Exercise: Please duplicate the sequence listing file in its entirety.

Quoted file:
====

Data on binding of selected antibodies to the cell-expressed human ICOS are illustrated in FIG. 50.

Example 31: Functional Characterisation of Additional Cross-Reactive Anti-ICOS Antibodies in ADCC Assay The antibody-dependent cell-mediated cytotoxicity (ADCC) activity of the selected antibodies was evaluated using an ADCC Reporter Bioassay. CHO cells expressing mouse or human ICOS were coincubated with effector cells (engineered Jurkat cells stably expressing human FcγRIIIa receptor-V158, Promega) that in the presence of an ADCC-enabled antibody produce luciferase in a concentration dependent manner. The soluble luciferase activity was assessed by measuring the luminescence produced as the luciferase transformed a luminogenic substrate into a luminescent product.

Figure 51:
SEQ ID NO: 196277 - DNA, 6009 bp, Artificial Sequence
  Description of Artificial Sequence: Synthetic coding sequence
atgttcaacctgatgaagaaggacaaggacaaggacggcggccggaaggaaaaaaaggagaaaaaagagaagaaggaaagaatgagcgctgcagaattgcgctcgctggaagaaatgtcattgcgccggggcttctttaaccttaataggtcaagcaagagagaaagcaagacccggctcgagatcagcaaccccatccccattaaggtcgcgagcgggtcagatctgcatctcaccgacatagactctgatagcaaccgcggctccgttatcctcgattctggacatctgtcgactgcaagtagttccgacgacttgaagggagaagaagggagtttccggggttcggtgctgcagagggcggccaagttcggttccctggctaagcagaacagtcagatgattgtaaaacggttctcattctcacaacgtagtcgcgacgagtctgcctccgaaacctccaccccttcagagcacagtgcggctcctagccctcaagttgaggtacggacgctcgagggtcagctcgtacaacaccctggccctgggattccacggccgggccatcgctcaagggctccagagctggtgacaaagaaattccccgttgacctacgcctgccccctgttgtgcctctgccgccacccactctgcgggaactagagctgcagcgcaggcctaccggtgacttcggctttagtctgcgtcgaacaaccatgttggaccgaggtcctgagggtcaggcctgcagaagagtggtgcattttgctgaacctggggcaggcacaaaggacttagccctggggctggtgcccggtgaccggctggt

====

Data on binding of selected antibodies to the cell-expressed human ICOS are illustrated in FIG. 50.

Example 31: Functional Characterisation of Additional Cross-Reactive Anti-ICOS Antibodies in ADCC Assay The antibody-dependent cell-mediated cytotoxicity (ADCC) activity of the selected antibodies was evaluated using an ADCC Reporter Bioassay. CHO cells expressing mouse or human ICOS were coincubated with effector cells (engineered Jurkat cells stably expressing human FcγRIIIa receptor-V158, Promega) that in the presence of an ADCC-enabled antibody produce luciferase in a concentration dependent manner. The soluble luciferase activity was assessed by measuring the luminescence produced as the luciferase transformed a luminogenic substrate into a luminescent product.

Figure 51:
SEQ ID NO: 196277 - DNA, 6009 bp, Artificial Sequence
  Description of Artificial Sequence: Synthetic coding sequence
atgttcaacctgatgaagaaggacaaggacaaggacggcggccggaaggaaaaaaaggagaaaaaagagaagaaggaaagaatgagcgctgcagaattgcgctcgctggaagaaatgtcattgcgccggggcttctttaaccttaataggtcaagcaagagagaaagcaagacccggctcgagatcagcaaccccatccccattaaggtcgcgagcgggtcagatctgcatctcaccgacatagactctgatagcaaccgcggctccgttatcctcgattctggacatctgtcgactgcaagtagttccgacgacttgaagggagaagaagggagtttccggggttcggtgctgcagagggcggccaagttcggttccctggctaagcagaacagtcagatgattgtaaaacggttctcattctcacaacgtagtcgcgacgagtctgcctccgaaacctccaccccttcagagcacagtgcggctcctagccctcaagttgaggtacggacgctcgagggtcagctcgtacaacaccctggccctgggattccacggccgggccatcgctcaagggctccagagctggtgacaaagaaattccccgttgacctacgcctgccccctgttgtgcctctgccgccacccactctgcgggaactagagctgcagcgcaggcctaccggtgacttcggctttagtctgcgtcgaacaaccatgttggaccgaggtcctgagggtcaggcctgcagaagagtggtgcattttgctgaacctggggcaggcacaaaggacttagccctggggctggtgcccggtgaccggctggt